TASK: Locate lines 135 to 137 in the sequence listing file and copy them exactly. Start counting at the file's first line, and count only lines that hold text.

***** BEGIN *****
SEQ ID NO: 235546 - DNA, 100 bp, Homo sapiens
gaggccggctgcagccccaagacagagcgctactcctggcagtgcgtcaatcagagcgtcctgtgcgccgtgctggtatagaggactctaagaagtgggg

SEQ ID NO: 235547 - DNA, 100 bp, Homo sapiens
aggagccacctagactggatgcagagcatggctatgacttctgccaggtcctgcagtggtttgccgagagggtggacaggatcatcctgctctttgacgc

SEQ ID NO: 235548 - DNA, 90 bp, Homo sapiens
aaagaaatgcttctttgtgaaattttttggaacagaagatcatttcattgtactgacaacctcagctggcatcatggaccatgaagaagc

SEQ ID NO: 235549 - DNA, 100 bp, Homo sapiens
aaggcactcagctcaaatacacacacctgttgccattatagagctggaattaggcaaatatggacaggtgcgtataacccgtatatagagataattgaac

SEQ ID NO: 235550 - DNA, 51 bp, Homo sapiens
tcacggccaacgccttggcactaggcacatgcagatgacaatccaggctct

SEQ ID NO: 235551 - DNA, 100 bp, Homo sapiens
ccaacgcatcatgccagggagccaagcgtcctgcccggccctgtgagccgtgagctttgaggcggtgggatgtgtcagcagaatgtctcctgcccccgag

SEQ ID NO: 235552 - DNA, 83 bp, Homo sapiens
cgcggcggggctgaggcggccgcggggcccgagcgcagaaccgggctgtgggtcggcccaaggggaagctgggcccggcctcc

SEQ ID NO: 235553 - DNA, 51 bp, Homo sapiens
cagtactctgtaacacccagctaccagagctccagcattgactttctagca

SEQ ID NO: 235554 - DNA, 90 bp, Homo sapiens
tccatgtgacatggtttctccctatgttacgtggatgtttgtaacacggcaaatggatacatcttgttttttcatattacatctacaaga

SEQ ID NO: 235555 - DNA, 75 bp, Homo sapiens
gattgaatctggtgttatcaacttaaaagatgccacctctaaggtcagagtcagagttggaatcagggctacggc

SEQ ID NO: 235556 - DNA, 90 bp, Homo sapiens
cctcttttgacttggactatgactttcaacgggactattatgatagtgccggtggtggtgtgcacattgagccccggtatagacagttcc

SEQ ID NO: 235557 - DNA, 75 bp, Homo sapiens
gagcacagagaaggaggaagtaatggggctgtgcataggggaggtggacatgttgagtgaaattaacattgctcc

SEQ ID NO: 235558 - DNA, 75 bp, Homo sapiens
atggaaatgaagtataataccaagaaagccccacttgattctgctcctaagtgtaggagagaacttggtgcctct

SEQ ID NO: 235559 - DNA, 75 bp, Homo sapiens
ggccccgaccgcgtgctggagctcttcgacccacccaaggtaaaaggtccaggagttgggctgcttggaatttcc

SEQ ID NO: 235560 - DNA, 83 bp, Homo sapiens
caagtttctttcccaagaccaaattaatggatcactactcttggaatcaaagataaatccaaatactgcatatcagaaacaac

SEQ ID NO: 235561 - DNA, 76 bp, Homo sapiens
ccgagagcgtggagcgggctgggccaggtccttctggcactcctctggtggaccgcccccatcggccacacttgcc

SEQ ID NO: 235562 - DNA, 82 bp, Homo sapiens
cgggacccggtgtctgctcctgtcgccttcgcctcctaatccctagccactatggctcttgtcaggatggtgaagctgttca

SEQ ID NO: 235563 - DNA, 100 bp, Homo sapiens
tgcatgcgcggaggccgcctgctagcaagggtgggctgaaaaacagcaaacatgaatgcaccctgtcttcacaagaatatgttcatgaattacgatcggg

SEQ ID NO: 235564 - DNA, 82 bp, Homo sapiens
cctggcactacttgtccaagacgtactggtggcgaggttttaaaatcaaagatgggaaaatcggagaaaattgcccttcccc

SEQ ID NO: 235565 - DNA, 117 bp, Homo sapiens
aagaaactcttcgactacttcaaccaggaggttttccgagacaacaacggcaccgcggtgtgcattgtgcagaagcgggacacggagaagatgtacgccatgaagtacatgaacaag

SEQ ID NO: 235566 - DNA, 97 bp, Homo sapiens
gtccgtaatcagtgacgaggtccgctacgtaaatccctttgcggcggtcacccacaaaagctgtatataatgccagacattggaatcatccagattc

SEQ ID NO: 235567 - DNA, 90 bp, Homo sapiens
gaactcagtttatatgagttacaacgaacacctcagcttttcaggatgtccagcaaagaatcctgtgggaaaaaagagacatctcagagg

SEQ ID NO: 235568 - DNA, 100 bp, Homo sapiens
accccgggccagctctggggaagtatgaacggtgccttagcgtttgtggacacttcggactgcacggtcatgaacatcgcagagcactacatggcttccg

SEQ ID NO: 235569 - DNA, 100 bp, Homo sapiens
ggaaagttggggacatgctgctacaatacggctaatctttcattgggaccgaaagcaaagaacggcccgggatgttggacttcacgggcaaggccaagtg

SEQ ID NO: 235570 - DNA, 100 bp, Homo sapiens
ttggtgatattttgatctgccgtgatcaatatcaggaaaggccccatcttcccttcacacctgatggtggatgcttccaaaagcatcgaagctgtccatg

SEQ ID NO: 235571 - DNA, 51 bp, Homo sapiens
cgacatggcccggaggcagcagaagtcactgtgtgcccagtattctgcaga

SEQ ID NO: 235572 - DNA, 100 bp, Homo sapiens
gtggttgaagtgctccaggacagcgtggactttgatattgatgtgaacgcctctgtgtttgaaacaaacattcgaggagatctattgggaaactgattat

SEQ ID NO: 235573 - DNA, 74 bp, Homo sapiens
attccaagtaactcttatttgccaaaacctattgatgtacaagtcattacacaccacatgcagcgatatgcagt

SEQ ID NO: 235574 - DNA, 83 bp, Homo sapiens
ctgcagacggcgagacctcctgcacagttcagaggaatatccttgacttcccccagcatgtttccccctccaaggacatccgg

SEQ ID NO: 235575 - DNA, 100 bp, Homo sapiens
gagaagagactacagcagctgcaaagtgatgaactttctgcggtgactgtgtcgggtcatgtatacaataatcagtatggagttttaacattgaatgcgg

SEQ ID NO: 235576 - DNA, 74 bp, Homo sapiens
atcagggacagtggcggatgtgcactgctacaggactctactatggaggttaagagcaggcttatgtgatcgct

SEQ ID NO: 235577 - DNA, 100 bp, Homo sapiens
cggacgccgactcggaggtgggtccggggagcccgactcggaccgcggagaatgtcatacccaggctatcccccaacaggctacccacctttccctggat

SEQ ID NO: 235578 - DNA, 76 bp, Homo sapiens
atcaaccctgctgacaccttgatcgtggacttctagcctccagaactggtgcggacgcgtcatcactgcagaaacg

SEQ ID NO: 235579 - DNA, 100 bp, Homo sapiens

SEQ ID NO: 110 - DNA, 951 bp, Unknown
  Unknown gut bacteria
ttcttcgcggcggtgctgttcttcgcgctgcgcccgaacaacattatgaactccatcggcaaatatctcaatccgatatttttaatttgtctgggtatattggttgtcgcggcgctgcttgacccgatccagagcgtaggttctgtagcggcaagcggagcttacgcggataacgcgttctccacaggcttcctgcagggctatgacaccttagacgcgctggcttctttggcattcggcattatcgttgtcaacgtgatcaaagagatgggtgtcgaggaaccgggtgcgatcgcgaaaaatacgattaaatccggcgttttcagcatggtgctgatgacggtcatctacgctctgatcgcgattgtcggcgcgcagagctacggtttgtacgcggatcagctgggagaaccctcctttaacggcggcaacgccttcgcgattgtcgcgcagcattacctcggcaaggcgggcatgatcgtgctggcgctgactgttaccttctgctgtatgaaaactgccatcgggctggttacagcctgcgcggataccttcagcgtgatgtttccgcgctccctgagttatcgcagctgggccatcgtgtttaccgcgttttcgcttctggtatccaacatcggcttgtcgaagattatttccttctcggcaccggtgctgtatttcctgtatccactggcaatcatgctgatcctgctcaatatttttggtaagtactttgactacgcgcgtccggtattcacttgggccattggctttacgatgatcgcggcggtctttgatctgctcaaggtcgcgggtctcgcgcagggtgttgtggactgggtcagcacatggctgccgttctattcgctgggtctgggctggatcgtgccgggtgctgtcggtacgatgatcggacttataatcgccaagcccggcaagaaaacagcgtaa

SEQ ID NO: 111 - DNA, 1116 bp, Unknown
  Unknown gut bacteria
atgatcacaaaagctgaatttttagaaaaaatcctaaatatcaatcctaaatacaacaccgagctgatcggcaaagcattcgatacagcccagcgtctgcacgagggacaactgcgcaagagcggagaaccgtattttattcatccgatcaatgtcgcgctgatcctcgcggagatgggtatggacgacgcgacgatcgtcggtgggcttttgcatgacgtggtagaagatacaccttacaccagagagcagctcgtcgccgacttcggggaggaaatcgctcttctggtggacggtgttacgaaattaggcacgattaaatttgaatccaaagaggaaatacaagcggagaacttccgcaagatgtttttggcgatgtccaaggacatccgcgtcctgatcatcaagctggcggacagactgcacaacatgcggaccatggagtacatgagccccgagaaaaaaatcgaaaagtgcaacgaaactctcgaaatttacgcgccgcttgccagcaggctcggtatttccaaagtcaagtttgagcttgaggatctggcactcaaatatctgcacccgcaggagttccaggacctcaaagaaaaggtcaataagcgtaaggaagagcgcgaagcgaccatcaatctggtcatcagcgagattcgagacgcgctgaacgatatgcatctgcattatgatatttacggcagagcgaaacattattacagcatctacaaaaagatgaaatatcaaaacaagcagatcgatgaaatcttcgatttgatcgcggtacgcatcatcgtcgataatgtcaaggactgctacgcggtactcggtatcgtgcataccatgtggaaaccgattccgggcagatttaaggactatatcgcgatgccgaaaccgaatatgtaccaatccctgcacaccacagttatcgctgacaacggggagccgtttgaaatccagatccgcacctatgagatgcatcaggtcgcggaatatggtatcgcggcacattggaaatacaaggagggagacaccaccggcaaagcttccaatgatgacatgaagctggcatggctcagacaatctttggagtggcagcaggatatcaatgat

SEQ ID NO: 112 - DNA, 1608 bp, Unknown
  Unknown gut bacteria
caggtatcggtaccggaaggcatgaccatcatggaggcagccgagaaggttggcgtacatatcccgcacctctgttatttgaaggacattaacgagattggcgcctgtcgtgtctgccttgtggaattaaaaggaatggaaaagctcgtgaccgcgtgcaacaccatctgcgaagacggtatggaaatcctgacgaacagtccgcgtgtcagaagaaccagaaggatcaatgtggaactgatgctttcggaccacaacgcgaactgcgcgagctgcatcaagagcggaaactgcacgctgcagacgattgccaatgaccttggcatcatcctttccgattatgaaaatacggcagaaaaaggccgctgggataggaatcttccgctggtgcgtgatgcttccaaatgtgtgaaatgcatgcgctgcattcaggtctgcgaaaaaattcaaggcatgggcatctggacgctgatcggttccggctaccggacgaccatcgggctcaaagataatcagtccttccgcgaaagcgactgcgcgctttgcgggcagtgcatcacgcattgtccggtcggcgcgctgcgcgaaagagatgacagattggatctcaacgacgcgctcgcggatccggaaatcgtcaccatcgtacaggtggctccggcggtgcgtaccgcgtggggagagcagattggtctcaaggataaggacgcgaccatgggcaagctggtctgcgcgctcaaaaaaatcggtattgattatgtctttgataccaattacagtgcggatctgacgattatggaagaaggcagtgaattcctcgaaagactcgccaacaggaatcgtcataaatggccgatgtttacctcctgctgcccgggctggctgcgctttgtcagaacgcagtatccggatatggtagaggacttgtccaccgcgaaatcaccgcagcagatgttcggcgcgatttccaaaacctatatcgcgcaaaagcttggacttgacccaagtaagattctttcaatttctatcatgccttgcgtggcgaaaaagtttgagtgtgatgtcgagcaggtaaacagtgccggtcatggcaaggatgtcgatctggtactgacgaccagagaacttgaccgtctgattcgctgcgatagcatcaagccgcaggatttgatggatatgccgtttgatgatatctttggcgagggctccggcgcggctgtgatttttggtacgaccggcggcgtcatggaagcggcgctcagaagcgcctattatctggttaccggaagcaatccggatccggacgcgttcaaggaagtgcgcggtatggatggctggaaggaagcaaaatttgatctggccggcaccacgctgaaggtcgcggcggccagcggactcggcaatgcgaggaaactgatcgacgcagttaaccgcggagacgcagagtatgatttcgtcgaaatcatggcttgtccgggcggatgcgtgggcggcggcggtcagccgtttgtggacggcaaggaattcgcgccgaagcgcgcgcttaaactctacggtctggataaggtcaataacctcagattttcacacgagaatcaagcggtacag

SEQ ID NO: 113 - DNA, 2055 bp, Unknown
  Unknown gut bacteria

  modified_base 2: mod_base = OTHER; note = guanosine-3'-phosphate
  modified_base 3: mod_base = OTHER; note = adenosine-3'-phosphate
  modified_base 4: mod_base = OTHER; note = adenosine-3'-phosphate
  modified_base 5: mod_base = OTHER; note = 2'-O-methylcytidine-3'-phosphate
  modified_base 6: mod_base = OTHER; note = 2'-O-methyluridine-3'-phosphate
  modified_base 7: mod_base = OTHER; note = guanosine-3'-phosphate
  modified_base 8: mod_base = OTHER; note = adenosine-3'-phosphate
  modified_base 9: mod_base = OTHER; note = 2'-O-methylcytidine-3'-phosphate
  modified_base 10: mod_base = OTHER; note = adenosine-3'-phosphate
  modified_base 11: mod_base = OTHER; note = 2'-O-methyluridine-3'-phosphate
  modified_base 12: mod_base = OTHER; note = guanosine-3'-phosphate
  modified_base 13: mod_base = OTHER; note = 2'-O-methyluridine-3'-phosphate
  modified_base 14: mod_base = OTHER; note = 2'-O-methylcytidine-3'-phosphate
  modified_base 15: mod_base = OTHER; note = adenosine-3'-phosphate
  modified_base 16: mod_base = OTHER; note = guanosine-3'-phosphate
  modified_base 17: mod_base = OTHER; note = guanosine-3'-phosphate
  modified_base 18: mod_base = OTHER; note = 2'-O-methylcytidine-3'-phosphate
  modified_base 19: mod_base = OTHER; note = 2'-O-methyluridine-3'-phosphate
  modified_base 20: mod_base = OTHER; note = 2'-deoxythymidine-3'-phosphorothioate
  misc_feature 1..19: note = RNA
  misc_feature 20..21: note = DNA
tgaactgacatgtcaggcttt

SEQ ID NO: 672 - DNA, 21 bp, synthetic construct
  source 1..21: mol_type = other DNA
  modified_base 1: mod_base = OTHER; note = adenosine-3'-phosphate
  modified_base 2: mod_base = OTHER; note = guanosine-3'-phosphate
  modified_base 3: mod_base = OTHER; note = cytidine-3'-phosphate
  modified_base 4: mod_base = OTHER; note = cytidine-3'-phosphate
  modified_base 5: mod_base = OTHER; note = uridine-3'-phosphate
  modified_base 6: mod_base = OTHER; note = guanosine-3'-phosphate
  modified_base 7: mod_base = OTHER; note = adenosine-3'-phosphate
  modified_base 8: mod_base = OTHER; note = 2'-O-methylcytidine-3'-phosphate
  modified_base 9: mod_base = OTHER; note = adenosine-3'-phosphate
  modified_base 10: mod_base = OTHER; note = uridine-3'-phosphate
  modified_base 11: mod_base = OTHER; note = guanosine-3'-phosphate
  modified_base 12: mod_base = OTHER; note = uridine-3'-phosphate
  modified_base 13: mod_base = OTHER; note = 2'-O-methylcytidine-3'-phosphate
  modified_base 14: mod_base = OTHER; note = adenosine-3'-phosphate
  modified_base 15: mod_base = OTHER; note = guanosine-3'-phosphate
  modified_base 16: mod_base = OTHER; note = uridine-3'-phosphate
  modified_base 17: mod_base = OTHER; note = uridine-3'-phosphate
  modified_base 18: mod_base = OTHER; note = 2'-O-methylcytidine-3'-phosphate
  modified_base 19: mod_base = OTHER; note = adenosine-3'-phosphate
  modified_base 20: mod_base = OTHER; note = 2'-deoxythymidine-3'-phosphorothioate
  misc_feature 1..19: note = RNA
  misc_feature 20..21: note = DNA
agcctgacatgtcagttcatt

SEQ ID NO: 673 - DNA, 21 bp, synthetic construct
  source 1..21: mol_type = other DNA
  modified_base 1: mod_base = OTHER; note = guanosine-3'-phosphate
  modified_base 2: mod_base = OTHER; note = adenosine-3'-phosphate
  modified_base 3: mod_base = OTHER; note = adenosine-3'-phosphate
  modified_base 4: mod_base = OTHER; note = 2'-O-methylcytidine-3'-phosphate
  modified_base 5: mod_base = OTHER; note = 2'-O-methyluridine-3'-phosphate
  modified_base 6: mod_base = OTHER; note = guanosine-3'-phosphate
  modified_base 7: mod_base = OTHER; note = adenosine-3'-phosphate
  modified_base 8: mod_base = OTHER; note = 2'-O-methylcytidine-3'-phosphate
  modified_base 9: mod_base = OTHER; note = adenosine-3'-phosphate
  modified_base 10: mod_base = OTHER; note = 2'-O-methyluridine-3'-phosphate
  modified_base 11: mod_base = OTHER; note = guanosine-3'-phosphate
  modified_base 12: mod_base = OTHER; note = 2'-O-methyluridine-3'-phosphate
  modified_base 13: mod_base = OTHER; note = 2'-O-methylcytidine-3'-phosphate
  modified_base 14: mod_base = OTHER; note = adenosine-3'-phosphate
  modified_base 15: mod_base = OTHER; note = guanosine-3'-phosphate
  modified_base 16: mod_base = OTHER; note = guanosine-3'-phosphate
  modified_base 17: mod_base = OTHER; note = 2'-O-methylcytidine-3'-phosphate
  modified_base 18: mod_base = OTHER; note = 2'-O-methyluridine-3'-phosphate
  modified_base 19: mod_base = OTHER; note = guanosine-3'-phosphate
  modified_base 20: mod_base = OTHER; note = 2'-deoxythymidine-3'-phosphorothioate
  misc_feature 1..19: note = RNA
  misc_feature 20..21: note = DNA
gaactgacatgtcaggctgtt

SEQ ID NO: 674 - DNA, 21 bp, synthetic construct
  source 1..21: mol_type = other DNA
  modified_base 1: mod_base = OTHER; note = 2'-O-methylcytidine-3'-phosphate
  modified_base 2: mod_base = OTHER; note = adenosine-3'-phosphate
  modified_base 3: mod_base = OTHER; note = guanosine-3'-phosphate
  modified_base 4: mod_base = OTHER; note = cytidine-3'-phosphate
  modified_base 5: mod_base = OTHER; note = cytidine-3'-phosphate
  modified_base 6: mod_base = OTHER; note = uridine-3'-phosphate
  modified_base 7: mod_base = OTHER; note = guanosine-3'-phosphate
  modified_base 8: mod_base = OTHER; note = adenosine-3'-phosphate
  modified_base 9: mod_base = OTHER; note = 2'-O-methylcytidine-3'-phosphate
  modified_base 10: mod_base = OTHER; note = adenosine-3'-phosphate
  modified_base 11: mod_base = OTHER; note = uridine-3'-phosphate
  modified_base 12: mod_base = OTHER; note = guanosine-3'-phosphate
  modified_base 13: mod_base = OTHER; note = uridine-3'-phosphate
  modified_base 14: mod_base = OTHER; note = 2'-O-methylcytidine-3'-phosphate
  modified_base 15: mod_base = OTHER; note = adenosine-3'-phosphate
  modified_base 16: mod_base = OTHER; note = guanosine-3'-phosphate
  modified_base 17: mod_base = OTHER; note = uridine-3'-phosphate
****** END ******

  modified_base 8: mod_base = OTHER; note = 2'-O-methylcytidine-3'-phosphate
  modified_base 9: mod_base = OTHER; note = adenosine-3'-phosphate
  modified_base 10: mod_base = OTHER; note = 2'-O-methyluridine-3'-phosphate